How does acupuncture work?
Acupuncture stimulates the body’s ability to resist or overcome illnesses and conditions by correcting imbalances. Acupuncture also prompts the body to produce chemicals that decrease or eliminate painful sensations.
There are hundreds of acupuncture points (called acu-points) along the body’s 14 major meridians (energy-carrying channels). Sixteenth-century Chinese doctors used the term “Qi” (pronounced “chee”) to describe the energy that flows through meridians. The belief is that illness is caused by a disruption of Qi, which leads to an imbalance of energy. Acupuncture can correct this energy disruption.
There are many theories as to how acupuncture actually works. When acupuncture points are stimulated, it causes a dull ache or other sensations in the muscle. One theory holds that:
- The stimulated muscle and sensory neurons send a message to the central nervous system (the brain and spinal cord);
- This causes the release of endorphins (naturally produced pain killers) and other neurotransmitters (body chemicals that modify nerve impulses);
- This, in turn, helps block the message of pain from being delivered to the brain (and has other regulatory effects as well).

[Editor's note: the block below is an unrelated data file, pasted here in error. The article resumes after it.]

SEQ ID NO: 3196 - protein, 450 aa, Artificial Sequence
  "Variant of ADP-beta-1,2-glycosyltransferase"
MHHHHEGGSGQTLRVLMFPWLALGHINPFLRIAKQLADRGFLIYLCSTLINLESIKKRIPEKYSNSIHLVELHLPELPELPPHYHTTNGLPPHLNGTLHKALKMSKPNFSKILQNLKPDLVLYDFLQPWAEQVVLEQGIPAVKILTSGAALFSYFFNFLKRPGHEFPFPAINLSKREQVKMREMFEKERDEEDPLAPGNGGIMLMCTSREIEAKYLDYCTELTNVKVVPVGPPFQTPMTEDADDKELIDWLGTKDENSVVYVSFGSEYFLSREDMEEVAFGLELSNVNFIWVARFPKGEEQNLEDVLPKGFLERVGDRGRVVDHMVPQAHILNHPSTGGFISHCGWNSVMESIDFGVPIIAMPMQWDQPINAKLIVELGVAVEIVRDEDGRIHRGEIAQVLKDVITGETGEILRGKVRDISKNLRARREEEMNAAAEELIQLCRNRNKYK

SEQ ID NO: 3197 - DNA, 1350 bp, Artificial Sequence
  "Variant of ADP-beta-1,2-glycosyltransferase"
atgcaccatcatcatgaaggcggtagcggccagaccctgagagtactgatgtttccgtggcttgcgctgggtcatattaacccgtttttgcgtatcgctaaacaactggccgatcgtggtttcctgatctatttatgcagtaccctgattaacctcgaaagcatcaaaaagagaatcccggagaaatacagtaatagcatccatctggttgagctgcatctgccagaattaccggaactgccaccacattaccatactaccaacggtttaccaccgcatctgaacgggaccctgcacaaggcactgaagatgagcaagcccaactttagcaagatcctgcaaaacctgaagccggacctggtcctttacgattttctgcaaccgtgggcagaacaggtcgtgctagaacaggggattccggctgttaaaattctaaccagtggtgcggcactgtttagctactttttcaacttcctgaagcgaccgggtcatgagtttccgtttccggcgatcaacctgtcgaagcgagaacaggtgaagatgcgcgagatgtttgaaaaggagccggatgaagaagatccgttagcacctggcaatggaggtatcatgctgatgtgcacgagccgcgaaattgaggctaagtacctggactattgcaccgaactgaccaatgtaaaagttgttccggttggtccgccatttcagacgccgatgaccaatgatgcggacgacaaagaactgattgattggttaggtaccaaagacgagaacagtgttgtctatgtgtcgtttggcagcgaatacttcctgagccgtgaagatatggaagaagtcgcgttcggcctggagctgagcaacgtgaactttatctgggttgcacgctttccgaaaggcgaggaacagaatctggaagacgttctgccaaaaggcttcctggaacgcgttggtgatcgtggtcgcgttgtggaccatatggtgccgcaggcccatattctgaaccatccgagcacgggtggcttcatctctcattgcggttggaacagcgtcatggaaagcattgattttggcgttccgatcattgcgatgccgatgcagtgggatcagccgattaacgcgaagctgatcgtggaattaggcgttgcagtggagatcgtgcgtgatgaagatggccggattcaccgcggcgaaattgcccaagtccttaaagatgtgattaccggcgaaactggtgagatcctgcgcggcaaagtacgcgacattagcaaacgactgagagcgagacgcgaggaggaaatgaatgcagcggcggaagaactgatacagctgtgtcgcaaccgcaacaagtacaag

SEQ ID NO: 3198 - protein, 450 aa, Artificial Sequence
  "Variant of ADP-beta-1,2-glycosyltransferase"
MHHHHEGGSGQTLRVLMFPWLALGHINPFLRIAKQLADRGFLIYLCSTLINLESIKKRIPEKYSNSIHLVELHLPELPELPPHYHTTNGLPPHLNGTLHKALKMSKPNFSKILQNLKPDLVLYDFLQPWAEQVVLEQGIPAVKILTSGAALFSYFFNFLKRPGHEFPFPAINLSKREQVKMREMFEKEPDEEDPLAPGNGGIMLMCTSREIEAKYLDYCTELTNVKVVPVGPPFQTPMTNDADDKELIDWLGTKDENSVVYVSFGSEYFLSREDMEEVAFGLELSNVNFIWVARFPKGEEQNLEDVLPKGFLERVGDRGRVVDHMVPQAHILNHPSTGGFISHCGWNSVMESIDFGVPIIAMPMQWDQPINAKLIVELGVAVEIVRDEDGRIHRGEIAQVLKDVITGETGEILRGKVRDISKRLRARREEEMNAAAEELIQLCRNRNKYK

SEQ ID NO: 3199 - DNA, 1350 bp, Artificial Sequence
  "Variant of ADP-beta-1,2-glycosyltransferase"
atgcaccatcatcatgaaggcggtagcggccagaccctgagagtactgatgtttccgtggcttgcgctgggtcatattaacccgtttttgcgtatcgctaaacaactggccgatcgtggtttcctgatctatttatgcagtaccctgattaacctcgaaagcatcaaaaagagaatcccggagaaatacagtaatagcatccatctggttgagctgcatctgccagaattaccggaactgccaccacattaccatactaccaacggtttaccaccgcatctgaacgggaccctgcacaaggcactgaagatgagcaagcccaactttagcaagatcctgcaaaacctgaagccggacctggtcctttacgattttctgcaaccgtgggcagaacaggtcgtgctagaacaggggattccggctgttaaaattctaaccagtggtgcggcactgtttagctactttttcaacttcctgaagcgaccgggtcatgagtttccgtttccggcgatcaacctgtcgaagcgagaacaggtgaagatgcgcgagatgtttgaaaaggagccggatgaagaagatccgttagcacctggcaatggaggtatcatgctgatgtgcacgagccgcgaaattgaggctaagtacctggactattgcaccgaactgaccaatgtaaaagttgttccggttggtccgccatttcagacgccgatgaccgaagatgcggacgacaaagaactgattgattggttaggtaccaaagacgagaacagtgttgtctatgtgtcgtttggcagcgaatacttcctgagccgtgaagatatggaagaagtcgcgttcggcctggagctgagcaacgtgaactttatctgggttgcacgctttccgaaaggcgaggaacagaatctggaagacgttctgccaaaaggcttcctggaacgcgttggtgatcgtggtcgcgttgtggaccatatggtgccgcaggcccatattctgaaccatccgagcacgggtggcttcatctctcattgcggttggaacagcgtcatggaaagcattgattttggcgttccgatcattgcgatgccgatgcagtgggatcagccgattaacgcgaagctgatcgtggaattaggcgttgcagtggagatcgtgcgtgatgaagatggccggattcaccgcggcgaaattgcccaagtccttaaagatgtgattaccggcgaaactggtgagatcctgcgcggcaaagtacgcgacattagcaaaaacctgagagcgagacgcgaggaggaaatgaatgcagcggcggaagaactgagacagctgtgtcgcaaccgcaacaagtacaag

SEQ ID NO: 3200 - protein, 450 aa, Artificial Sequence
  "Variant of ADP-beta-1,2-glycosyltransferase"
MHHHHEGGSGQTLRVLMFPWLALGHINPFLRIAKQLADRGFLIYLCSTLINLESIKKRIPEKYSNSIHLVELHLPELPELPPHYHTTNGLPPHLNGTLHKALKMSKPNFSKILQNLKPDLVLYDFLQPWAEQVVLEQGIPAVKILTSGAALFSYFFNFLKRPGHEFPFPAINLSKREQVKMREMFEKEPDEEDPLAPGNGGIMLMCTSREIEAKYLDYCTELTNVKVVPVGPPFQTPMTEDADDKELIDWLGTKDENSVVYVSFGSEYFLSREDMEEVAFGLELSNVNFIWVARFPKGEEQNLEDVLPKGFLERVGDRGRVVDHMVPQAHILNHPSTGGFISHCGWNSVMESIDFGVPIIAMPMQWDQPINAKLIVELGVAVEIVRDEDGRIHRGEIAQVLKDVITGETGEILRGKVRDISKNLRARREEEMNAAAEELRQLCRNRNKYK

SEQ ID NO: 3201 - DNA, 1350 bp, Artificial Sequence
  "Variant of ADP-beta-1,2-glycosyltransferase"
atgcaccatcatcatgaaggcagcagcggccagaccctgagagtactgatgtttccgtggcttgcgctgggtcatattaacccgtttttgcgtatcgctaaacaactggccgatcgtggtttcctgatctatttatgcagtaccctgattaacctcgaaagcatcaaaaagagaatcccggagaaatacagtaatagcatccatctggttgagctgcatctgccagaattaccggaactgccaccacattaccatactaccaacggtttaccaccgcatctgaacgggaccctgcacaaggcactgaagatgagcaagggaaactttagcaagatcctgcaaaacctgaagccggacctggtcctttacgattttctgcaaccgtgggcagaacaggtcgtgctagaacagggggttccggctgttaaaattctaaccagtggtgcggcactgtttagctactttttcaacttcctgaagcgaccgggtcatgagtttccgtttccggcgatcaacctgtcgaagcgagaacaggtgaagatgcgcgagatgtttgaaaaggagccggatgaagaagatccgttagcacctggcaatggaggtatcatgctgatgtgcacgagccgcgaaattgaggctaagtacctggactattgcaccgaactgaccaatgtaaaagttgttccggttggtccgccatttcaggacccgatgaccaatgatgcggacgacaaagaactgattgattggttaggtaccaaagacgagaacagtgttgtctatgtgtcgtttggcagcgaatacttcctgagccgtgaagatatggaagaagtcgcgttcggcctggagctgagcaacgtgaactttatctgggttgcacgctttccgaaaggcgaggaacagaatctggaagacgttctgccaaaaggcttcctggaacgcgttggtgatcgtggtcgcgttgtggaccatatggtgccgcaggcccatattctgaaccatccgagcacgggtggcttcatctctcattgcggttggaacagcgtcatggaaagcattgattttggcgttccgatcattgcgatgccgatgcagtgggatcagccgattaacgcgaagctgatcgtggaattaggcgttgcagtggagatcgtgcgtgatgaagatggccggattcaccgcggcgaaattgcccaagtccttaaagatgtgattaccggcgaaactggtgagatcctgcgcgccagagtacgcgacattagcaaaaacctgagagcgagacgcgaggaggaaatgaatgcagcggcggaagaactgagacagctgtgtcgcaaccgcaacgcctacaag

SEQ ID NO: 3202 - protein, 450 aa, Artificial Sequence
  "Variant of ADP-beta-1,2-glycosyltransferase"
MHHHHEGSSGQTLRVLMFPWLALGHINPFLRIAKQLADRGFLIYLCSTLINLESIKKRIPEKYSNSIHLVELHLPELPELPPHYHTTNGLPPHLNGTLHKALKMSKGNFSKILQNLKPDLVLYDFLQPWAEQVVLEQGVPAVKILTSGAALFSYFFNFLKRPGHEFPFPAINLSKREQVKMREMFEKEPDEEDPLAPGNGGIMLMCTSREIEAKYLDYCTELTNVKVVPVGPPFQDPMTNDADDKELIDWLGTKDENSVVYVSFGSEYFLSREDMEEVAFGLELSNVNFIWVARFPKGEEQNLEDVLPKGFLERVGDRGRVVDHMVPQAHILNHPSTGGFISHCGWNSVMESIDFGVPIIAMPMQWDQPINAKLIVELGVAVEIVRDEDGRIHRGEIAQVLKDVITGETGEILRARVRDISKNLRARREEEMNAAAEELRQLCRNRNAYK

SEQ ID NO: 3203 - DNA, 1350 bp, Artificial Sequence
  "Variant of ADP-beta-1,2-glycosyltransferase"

Other experts believe that acupuncture works by transmitting signals via the fascia. Fascia is like a thin sheath that surrounds all of the body’s muscles. Some acupuncturists consider the meridians to represent myofascial chains, which helps explain why stimulating an acupuncture point in the lower leg can affect the back or other areas. Interestingly, research shows that acupuncture points have a lower electrical resistivity than surrounding areas. In a practical sense, the meridian system provides a navigable energetic map of the body for acupuncturists to locate and treat many conditions.
What happens during acupuncture treatment?
After your condition is discussed, the acupuncturist will examine you for reactive areas to determine which points to use. Acupuncture needles are sterile, pre-packaged, disposable, and hair-thin. The needles are placed at various depths, ranging from a fraction of an inch to two inches. After the needles are inserted and stimulated, they stay in place from a few minutes up to 20 minutes.
In a treatment series, the acupuncturist will use different combinations of points and different needling techniques. These combinations help stimulate new sources of healing as the patient’s response to treatment is observed.
You should wear loose-fitting clothing (gowns are provided), as you will have to partially disrobe in order to receive acupuncture. Exercise good hygiene, but don’t come heavily perfumed, as many patients have chemical sensitivities.
What does acupuncture feel like?
You may feel a slight prick when the needle is inserted, but it is much less than the prick you feel during an injection, since the needles are much thinner.
You may feel a heaviness, numbness, tingling, or mild soreness after the needles have been inserted. A feeling of deep heaviness or numbness, called “Deqi” (pronounced “duh chee”) means the treatment is working. The patient tells the acupuncturist “yes” when he or she feels this.